MGMT 1 Chapter 15: MGMT 1—CHAPTER 15

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Department
Management
Course
MGMT 1
Professor
Grace Mc Laughlin
Semester
Fall

Description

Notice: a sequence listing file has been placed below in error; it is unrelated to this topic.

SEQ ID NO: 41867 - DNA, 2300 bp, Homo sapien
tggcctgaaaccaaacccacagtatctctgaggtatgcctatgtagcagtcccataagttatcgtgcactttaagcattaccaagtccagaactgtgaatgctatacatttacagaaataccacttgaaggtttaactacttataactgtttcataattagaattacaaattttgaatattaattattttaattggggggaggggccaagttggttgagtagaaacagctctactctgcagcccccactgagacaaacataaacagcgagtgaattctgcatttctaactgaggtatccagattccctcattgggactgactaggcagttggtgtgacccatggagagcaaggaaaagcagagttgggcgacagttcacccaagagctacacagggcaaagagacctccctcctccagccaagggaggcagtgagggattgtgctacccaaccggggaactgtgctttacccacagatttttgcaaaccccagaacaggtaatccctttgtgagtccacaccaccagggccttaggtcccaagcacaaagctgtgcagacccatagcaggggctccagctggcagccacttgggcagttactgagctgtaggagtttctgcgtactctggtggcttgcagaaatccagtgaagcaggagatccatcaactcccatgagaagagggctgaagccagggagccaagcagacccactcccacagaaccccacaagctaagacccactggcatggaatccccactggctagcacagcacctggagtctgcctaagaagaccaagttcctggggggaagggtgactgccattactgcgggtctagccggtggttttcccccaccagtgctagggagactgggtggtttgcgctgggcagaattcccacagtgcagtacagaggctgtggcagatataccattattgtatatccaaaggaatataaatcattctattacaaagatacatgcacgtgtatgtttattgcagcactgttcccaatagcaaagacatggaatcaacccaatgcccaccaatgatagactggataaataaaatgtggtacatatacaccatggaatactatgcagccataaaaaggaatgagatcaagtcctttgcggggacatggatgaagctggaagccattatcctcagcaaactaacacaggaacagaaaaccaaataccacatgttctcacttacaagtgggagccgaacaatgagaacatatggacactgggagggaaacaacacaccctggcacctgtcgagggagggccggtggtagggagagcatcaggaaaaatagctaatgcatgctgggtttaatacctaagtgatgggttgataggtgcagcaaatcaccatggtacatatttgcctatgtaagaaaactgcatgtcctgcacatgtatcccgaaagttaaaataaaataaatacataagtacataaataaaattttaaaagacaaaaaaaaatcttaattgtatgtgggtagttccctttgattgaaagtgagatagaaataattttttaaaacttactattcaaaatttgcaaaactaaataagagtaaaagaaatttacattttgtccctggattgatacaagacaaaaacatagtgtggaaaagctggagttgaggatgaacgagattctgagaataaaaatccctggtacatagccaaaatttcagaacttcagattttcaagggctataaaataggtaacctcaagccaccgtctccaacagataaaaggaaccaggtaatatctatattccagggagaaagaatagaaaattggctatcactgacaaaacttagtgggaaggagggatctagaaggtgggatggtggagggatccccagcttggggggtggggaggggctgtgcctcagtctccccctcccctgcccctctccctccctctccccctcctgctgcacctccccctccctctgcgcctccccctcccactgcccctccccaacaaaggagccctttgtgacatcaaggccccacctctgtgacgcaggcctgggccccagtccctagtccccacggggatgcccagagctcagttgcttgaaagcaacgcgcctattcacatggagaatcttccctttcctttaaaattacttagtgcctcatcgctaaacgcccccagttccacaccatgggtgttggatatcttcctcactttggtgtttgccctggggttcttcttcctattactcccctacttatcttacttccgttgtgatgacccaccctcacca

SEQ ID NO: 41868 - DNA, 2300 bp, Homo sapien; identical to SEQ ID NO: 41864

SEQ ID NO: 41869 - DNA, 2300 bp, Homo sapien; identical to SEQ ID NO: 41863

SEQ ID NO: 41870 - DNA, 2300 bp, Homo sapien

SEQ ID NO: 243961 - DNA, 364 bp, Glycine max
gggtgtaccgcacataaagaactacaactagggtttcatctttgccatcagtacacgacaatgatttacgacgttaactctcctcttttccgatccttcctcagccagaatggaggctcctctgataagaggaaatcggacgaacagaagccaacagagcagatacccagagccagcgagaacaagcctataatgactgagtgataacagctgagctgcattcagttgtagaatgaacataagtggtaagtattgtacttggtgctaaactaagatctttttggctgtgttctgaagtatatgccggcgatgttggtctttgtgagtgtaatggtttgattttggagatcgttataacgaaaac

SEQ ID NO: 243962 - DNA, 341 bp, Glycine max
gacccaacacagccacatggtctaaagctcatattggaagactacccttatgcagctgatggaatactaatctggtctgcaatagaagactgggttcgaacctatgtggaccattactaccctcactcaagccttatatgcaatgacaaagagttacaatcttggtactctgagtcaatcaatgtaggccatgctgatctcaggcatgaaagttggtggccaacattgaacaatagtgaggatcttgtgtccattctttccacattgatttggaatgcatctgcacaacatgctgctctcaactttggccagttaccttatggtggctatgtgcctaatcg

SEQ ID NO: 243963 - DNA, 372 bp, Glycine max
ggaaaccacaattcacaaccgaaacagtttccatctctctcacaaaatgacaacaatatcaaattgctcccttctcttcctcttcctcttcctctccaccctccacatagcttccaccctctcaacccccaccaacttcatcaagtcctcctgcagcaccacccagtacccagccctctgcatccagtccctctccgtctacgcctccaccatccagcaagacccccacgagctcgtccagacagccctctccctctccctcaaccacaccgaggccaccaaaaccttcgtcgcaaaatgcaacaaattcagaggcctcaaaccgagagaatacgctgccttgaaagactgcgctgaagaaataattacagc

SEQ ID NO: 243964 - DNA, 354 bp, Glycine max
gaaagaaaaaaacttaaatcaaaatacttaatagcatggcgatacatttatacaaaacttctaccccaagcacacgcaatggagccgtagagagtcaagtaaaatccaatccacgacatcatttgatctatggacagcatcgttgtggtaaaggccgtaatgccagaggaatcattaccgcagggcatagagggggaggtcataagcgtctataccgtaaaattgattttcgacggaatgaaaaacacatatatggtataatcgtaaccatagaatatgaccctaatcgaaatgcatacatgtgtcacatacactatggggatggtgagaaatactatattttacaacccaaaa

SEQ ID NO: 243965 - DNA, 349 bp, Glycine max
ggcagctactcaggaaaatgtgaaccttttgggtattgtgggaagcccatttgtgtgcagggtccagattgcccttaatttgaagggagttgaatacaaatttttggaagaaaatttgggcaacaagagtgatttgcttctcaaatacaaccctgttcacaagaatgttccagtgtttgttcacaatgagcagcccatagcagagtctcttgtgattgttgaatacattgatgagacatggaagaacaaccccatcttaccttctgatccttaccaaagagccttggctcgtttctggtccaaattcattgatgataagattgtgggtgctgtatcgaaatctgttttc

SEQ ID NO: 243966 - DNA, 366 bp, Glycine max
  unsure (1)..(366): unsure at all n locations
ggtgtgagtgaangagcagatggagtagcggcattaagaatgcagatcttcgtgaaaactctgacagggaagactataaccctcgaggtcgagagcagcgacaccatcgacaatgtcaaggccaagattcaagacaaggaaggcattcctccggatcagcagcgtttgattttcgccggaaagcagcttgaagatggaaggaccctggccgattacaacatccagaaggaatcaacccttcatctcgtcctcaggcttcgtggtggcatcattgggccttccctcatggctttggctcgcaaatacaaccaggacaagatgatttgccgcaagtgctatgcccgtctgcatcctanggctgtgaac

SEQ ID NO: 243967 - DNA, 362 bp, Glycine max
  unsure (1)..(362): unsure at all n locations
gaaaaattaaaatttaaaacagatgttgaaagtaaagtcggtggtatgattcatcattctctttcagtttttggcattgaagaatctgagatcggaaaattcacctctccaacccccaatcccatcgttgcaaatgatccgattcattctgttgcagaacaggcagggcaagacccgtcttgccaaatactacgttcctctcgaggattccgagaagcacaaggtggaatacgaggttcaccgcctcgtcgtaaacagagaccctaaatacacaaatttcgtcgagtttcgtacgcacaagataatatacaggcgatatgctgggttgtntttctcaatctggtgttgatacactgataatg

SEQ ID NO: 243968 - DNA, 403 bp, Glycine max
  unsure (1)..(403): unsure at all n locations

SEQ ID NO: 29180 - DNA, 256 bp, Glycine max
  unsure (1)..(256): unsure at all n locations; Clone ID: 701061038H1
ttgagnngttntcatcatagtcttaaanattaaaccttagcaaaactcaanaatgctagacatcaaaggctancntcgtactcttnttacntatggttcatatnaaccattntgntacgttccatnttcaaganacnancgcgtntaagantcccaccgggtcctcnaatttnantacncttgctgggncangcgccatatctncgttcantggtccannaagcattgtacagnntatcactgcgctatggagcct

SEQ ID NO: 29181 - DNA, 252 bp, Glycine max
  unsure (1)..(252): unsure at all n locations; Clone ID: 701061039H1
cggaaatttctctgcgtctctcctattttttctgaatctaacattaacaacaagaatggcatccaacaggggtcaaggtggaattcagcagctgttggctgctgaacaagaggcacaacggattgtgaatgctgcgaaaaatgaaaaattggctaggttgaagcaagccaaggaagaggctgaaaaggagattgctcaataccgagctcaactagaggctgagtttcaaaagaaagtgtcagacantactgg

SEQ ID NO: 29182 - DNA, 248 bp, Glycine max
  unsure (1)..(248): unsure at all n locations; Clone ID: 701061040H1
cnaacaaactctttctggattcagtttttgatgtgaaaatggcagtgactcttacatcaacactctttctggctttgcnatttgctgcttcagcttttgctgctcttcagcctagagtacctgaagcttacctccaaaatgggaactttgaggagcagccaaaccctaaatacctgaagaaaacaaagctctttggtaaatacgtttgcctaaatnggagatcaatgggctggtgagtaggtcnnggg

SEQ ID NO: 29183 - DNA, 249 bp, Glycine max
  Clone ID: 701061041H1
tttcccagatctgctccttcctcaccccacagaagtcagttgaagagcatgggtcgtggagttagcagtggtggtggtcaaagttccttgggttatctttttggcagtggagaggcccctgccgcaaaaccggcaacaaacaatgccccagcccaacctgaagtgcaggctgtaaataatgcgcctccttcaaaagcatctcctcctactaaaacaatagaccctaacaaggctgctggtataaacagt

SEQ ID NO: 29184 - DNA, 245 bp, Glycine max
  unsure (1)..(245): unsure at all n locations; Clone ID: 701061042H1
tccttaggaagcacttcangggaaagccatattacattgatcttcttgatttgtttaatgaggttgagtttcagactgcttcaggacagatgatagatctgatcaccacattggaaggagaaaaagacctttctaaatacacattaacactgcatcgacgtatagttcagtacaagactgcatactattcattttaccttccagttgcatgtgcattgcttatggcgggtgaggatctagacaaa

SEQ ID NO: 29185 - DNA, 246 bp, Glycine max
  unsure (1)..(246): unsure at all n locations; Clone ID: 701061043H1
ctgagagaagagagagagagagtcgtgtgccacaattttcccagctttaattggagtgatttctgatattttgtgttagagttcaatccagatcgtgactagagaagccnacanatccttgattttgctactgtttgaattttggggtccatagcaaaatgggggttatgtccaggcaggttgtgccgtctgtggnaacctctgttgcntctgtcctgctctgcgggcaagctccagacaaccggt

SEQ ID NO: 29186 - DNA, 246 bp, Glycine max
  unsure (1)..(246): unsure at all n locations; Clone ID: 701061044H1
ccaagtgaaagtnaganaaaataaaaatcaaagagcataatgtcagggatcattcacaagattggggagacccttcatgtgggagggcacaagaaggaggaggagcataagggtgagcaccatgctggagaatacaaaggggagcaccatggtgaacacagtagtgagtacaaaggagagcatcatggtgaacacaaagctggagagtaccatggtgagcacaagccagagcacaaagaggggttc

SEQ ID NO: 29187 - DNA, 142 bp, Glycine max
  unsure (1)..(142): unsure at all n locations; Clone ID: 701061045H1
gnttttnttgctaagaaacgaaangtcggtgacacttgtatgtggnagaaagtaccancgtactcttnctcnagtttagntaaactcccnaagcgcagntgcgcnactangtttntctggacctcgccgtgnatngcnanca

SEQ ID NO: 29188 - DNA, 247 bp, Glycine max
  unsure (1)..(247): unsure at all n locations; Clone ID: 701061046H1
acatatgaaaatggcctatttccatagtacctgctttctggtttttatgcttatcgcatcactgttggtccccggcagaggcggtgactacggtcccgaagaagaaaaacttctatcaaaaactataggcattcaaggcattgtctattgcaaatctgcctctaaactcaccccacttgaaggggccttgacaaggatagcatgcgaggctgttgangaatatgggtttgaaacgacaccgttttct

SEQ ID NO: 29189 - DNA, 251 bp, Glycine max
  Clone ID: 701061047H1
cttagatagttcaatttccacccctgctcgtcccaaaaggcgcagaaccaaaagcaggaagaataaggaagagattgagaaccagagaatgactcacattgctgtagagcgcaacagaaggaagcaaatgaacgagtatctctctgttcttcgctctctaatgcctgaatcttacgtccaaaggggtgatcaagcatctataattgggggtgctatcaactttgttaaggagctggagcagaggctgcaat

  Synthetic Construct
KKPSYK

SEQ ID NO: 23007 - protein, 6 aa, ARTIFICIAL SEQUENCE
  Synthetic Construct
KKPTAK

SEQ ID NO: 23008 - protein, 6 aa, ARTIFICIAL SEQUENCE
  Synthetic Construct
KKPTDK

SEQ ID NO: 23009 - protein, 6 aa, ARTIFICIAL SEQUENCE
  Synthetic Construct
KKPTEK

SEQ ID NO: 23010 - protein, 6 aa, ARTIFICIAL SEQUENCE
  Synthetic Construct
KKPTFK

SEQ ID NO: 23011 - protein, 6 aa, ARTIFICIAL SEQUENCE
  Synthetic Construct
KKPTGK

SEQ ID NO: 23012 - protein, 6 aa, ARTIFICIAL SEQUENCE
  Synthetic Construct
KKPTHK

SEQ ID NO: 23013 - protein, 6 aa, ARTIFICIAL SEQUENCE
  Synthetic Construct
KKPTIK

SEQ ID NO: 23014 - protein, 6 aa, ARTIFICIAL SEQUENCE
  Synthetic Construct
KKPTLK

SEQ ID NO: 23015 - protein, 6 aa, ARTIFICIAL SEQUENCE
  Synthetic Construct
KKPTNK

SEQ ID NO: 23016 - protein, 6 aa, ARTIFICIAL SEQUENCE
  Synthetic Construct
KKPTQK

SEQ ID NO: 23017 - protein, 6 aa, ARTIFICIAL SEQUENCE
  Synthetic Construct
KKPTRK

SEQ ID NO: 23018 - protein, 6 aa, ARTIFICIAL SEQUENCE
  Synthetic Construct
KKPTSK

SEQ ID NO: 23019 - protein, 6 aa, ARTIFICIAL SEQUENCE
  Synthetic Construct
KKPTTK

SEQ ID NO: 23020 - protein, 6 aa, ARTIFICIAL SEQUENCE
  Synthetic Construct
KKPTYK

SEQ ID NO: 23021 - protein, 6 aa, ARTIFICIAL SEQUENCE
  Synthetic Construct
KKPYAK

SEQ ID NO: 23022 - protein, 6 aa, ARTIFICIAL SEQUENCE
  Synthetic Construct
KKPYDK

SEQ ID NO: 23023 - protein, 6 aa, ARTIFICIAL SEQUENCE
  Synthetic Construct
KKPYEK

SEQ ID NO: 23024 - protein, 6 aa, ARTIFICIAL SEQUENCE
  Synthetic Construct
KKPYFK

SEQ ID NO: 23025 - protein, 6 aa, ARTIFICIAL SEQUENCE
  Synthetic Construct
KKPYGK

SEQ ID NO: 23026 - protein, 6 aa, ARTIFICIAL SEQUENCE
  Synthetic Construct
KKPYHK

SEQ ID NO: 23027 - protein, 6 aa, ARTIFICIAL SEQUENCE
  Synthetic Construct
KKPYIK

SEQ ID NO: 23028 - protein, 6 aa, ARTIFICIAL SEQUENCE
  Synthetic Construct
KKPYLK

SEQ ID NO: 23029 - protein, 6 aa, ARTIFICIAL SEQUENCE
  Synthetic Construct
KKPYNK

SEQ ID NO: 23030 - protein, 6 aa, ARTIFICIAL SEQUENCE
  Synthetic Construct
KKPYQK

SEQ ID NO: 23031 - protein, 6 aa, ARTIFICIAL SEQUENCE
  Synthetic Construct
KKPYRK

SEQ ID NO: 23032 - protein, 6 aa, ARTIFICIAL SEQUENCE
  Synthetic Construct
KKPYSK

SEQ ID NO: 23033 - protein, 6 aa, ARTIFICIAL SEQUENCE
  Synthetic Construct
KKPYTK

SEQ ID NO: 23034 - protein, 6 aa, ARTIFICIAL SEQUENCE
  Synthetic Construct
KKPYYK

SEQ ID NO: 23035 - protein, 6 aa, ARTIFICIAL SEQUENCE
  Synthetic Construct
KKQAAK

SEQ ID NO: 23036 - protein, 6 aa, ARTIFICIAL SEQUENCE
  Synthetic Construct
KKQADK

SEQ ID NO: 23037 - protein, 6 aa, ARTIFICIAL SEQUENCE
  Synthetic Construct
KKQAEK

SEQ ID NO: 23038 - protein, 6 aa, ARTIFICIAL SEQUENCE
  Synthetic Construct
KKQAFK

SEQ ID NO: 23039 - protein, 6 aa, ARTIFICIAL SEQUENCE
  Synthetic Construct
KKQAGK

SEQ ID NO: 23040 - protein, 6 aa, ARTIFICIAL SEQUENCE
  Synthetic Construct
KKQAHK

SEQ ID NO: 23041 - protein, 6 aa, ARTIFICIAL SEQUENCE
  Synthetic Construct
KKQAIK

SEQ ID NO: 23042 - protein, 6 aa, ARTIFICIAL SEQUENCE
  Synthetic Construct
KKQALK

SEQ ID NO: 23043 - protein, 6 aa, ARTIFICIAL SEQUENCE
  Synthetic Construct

MGMT 1—CHAPTER 15: Distributing Products • The Emergence of Marketing Intermediaries: o Managing the flow of goods has become one of the most important managerial function for many organizations o Marketing intermediaries: Organizations that assist in moving goods and services from producers to businesses (B2B) and from businesses to consumers (B2C) o Channel of distribution: A whole set of marketing intermediaries, such as agents, brokers, wholesalers, and retailers, that join together to transport and store goods in their path (or channel) from producers to consumers o Agents/brokers: Marketing intermediaries who bring buyers and sellers together and assist in negotiating an exchange but don’t take title to the goods o Wholesaler: A marketing intermediary that sells to other organizations o Retailer: An organization that sells to ultimate consumers o Channels of distribution help ensure communication flows and the flow of money and title to goods o Why Marketing Needs Intermediaries: ▪ Intermediaries perform marketing tasks such as transporting, storing, selling, advertising, and relationship building faster and more cheaply than most manufacturers could ▪ o How Intermediaries Create Exchange Efficiency: 2 ▪ ▪ Some economists have said that intermediaries add costs and should be eliminated while marketers say intermediaries add value and value greatly exceeds the cost o The Value versus the Cost of Intermediaries: ▪ The public has often viewed marketing intermediaries with a degree of suspicion ▪ Distribution (marketing) may add up to 75 cents for every 25 cents in manufacturing costs 3 ▪ ▪ Three basic points about intermediaries: • Marketing intermediaries can be eliminated, but their activities can’t • Intermediary organizations have survived because they perform marketing functions faster and more cheaply than others can • Intermediaries add costs to products, but these costs are usually more than offset by the values they create • The Utilities Created by Intermediaries: o Utility: In economics, the want-satisfying ability, or value, that organizations add to goods or services when the products are made more useful or accessible to consumers than they were before o Six Kind of Utility: ▪ Form Utility: Changing raw materials into useful products ▪ Time Utility: Adding value to products by making them available when they’re needed 4 ▪ Place Utility: Adding value to products by having them where people want them ▪ Possession Utility: Doing whatever is necessary to transfer ownership from one party to another, including providing credit, delivery, installation, guarantees, and follow-up service ▪ Information Utility: Adding value to products by opening two-flows of information between marketing participants ▪ Service Utility: Adding value by providing fast, friendly service during and after the sale and by teaching customers how to best use products over time • Wholesale Intermediaries: o A wholesale is the sale of goods and services to businesses and institutions for use in the business (B2B) o Merchant Wholesalers: ▪ Merchant wholesalers: Independently owned firms that take title to the goods they handle • Full-service wholesalers perform all the distribution functions • Limited-function wholesalers perform only selected functions o Three common types of limited-function wholesalers: ▪ Rack jobbers: Wholesalers that furnish racks or shelves full of merchandise to retailers, display products, and sell on consignment ▪ Cash-and-carry wholesalers: Wholesalers that serve mostly smaller retailers with a limited assortment of products 5 ▪ Drop shippers: Wholesalers that solicit orders from retailers and other wholesalers and have the merchandise shipped directly from a producer to a buyer o Agents and Brokers: ▪ Agents and brokers bring buyers and sellers together and assist in negotiating an exchange ▪ Agents and brokers never own the products they distribute ▪ Agents often maintain long-term relationships with the people they represent, whereas brokers are usually hired on a temporary basis ▪ Agents who represent producers are either manufacturer’s agents or sales agents • Retail Intermediaries: o A retailer is a marketing intermediary that sells to ultimate consumers o 6 o Retail Distribution Strategy: ▪ Three categories of retail distribution: • Intensive distribution: Distribution that puts products into as many retail outlets as possible • Selective distribution: Distribution that sends products to only a preferred group of retailers in an area • Exclusive distribution: Distribution that sends products to only one retail outlet in a given geographic area • Non-Store Retailing: o Small businesses can use non-store retailing to open new chan
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